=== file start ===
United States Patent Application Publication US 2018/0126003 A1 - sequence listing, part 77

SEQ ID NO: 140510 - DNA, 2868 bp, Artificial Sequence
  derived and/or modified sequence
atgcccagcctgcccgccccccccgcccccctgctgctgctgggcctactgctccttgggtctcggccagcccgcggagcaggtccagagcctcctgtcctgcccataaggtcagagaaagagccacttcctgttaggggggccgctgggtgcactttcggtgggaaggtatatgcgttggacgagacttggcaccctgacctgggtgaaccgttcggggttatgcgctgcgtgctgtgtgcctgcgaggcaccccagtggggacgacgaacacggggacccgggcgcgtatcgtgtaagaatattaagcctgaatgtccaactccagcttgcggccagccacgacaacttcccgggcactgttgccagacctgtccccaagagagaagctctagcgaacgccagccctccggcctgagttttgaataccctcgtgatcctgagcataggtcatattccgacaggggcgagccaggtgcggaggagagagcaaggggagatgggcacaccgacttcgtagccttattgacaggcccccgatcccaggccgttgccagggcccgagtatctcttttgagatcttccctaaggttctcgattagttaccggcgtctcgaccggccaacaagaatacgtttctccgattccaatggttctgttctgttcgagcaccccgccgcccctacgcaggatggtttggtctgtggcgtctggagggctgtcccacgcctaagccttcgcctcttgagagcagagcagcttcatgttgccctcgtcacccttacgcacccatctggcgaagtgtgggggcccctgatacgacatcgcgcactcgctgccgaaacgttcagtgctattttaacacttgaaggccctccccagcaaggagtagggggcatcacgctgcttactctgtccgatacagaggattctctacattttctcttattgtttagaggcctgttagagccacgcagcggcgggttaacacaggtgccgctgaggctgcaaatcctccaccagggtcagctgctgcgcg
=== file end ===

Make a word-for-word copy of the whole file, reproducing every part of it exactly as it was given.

United States Patent Application Publication US 2018/0126003 A1 - sequence listing, part 77

SEQ ID NO: 140510 - DNA, 2868 bp, Artificial Sequence
  derived and/or modified sequence
atgcccagcctgcccgccccccccgcccccctgctgctgctgggcctactgctccttgggtctcggccagcccgcggagcaggtccagagcctcctgtcctgcccataaggtcagagaaagagccacttcctgttaggggggccgctgggtgcactttcggtgggaaggtatatgcgttggacgagacttggcaccctgacctgggtgaaccgttcggggttatgcgctgcgtgctgtgtgcctgcgaggcaccccagtggggacgacgaacacggggacccgggcgcgtatcgtgtaagaatattaagcctgaatgtccaactccagcttgcggccagccacgacaacttcccgggcactgttgccagacctgtccccaagagagaagctctagcgaacgccagccctccggcctgagttttgaataccctcgtgatcctgagcataggtcatattccgacaggggcgagccaggtgcggaggagagagcaaggggagatgggcacaccgacttcgtagccttattgacaggcccccgatcccaggccgttgccagggcccgagtatctcttttgagatcttccctaaggttctcgattagttaccggcgtctcgaccggccaacaagaatacgtttctccgattccaatggttctgttctgttcgagcaccccgccgcccctacgcaggatggtttggtctgtggcgtctggagggctgtcccacgcctaagccttcgcctcttgagagcagagcagcttcatgttgccctcgtcacccttacgcacccatctggcgaagtgtgggggcccctgatacgacatcgcgcactcgctgccgaaacgttcagtgctattttaacacttgaaggccctccccagcaaggagtagggggcatcacgctgcttactctgtccgatacagaggattctctacattttctcttattgtttagaggcctgttagagccacgcagcggcgggttaacacaggtgccgctgaggctgcaaatcctccaccagggtcagctgctgcgcg